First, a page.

Central Falls Schools Literally Hiring SJWs

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Anybody who’s glanced around the rightward side of the Internet and social media will have come across the pejorative acronym, “SJW.”  That stands for “social justice warrior,” and it’s pejorative because it connotes excessive and superficial self-righteousness, combined with a lack of self awareness that would be comical if the SJWs weren’t able to hurt people.

Unfortunately, in a world with an entire generation stewed in political correctness (an abyss into which college campuses appear to have fallen almost completely), SJWs are not as powerless as they would be in a sane world.  Still, it’s jarring to see a public school district in Rhode Island openly advertising jobs for them, although somehow that fact didn’t find its way into Linda Borg’s glowing article on the plan in today’s Providence Journal:

This year, a pool of 15 substitute teachers will be hired to serve the full 180-day school year. They will be offered a week of training this month and repeated professional development during the school year. They will also be mentored by certified teachers. And they will be offered a sweetener — either health-care benefits or $130 per day (typical pay is $100 per day).

The “teaching fellows” would also have an opportunity to lead after-school activities, although permanent teachers would have the first crack at these positions.

In exchange, they will be asked to learn about the school’s mission and values, to become part of a team of valued educators committed to high standards.

That such a plan seems like radical innovation may be a testament to just how rigid and averse to innovation the public school system is, but another layer becomes visible if one looks at the job ad for these positions.  Note, first, that the actual title the district has given these positions isn’t “teaching fellows,” but “Warrior Fellows” (Warriors being the school mascot).  Now consider some language from the ad:

The Warrior Fellowship will require passionate leaders to serve as education and social justice advocates and mentors in all six Central Falls schools while at the same time helping to bridge the gap between the academic and social-emotional support our students and families need in their schools and community.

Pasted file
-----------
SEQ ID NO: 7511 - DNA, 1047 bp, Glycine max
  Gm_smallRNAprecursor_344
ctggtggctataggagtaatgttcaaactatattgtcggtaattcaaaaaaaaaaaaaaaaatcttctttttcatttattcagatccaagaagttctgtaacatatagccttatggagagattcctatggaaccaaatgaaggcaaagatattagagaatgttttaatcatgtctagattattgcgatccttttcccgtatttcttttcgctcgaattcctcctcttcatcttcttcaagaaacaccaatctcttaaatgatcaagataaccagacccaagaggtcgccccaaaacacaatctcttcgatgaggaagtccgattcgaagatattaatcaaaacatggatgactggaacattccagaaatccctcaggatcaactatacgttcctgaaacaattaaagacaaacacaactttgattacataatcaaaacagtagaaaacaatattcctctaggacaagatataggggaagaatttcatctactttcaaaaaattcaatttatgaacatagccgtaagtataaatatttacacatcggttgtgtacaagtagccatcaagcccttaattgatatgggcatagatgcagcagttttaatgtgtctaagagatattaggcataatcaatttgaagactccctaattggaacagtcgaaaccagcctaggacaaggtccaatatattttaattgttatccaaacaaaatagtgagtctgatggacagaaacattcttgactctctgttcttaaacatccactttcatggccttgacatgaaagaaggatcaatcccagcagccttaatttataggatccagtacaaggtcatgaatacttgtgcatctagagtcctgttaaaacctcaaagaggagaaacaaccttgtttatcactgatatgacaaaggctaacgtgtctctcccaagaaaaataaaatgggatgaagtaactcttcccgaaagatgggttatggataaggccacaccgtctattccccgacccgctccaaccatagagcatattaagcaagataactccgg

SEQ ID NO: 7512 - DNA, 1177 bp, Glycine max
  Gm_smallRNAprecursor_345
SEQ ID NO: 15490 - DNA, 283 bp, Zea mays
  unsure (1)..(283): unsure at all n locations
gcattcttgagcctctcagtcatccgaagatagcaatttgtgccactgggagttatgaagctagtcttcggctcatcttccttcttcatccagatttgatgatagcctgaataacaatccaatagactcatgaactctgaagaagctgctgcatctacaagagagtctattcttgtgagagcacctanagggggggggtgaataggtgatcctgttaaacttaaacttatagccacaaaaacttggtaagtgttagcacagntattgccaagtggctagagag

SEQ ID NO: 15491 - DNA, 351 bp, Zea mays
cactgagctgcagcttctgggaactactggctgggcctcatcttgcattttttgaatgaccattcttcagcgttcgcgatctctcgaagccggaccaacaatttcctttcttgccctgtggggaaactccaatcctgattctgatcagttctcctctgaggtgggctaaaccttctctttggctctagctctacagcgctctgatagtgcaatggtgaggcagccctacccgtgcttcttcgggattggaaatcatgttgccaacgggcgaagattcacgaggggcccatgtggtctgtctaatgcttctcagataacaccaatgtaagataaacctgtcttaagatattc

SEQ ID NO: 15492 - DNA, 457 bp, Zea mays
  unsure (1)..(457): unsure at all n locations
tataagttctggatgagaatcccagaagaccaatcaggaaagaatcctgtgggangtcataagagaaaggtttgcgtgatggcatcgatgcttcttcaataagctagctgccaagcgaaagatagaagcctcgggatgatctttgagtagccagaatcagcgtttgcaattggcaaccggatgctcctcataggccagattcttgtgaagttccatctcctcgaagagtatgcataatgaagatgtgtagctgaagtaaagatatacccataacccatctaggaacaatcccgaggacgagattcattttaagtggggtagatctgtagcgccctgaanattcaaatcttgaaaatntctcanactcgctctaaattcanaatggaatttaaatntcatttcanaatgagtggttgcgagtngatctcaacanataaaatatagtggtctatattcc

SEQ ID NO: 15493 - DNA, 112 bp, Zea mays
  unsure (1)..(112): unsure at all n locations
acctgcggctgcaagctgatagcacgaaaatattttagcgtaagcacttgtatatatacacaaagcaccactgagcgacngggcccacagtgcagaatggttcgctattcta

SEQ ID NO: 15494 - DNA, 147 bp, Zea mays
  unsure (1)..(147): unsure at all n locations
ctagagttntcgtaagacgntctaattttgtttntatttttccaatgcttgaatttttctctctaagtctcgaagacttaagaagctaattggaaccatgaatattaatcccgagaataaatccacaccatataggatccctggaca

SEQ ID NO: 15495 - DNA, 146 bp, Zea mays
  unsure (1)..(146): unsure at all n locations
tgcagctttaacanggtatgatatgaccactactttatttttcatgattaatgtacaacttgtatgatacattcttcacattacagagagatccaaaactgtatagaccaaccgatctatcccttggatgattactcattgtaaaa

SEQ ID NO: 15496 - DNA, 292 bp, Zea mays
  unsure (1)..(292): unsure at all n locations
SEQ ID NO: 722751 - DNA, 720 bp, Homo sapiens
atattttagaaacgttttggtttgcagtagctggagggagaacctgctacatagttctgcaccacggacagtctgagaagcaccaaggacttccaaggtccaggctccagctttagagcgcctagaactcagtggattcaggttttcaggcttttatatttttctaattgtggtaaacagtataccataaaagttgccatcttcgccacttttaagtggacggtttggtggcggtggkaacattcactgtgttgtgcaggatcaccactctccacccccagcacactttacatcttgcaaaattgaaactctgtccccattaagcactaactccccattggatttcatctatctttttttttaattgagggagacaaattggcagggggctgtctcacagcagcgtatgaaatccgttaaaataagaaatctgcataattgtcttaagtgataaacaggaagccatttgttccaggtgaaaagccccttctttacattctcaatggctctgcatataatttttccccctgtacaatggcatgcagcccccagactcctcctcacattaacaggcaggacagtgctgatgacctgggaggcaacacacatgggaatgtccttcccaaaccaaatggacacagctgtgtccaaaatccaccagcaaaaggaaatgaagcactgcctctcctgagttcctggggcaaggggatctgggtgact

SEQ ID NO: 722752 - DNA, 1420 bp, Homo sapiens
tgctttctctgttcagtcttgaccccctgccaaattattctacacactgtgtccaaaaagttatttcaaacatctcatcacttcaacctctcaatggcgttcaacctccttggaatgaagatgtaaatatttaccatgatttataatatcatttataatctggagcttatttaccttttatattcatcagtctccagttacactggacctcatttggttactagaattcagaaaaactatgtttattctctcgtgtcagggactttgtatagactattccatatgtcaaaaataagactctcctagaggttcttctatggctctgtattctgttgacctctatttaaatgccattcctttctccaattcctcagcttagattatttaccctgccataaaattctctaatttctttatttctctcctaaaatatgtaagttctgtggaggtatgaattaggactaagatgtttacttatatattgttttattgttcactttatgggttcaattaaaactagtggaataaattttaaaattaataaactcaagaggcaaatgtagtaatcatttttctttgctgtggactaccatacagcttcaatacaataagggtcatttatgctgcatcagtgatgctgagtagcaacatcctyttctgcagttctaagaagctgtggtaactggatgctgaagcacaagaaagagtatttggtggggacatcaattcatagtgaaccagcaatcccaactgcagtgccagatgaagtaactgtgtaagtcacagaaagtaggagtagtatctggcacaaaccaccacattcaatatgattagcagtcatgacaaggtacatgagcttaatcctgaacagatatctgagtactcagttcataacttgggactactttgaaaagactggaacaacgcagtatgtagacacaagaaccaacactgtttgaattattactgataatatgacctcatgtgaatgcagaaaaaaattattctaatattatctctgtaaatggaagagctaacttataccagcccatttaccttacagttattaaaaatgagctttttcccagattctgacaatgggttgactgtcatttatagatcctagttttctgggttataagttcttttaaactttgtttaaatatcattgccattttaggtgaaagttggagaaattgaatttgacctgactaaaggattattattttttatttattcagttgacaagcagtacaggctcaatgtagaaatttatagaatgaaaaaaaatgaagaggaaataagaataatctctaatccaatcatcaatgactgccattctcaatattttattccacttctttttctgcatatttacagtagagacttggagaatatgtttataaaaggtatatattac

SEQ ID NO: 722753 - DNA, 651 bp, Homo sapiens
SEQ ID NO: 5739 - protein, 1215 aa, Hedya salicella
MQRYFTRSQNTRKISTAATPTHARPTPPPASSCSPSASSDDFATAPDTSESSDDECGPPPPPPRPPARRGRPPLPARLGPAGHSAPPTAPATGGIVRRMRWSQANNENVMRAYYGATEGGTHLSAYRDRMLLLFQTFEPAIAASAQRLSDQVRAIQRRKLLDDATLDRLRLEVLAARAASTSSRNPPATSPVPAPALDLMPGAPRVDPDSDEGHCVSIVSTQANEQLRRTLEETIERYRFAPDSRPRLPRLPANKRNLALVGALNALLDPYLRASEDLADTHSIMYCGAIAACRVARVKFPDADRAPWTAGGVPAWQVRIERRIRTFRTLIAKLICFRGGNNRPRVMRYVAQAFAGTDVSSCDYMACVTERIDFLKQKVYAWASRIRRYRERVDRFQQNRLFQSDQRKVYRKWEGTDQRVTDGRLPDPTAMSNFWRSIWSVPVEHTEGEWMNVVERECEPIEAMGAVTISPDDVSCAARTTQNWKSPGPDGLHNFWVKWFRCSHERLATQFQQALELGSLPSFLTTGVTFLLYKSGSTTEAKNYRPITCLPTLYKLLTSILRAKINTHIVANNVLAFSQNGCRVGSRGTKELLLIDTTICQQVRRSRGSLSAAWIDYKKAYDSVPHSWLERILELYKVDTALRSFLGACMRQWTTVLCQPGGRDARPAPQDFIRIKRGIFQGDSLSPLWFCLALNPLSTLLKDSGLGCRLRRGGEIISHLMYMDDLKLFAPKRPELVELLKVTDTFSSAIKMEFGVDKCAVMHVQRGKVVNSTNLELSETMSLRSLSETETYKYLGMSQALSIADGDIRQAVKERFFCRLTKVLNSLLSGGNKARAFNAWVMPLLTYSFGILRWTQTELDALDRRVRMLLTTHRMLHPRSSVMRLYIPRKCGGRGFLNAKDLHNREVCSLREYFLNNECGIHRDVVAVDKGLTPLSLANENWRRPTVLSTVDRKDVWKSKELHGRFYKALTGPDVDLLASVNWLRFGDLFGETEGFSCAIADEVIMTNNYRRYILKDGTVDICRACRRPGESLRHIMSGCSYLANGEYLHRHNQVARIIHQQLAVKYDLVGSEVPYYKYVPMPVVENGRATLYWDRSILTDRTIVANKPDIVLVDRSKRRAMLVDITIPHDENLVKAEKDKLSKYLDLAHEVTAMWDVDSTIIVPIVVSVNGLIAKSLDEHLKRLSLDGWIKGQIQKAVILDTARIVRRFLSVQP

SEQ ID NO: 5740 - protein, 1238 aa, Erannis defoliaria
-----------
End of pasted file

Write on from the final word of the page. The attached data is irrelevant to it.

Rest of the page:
Fellows are expected to “go through a rigorous training program” and “weekly and monthly workshops and seminars” that will help them develop “the courage and passion to inspire change in our schools, influence the lives of our students, and become advocates for the city of Central Falls.”  Among the areas on which they can focus is “Cultural Pride,” and we can infer that “Western Culture” is not what’s meant.  Among the job requirements (third on the list and the second mandatory one) is “commitment to social justice and urban education.”

In short, the school department in Central Falls, which is largely funded with state-taxpayer money, is literally looking to hire and train “social justice Warriors.”  Thus does Rhode Island endeavor to see just how far into the abyss it can dive.



  • Censored by Justin

    Does that mean you applied, Justin? I think that spreading the gospel according to Koch would be quite a rewarding challenge for you in an inner city environment.

  • jimri

    Anyone sending their kids to public schools is guilty of child abuse.

    • Joe Smith
      • Mike678

        Because that behavior doesn’t happen at public schools, right? Try for a little objectivity.
        http://www.washingtonpost.com/wp-dyn/content/article/2007/10/21/AR2007102100144.html

        • Joe Smith

          Of course it happens at public schools, but the tone, perhaps tongue in cheek, of the previous comment was about private schools.

          The difference of course is at a public school, the offenders generally are tougher (unless it is blatant leading to arrests, etc.) to remove, but the public gets a vote on the administration through the school board. At a private school, easier to remove the offender but a whole lot more difficult in terms of holding the administration accountable.

          In both cases, it’s a problem that the offender gets passed on through sealed personnel files.

          • Mike678

            Understood. The earlier comment was hyperbole, so not sure why it required a comment that really wasn’t relevant.

            Not sure why you feel private schools are less accountable…or should be more accountable because they are less burdened in union procedures to fire sex offenders. Don’t civil courts apply to both? And cannot the public vote with their feet at a private school…an option they don’t get at a public school?

            Do you have data/links to info on school districts that agree to seal records and pass on sex offenders? That, frankly, is indefensible.

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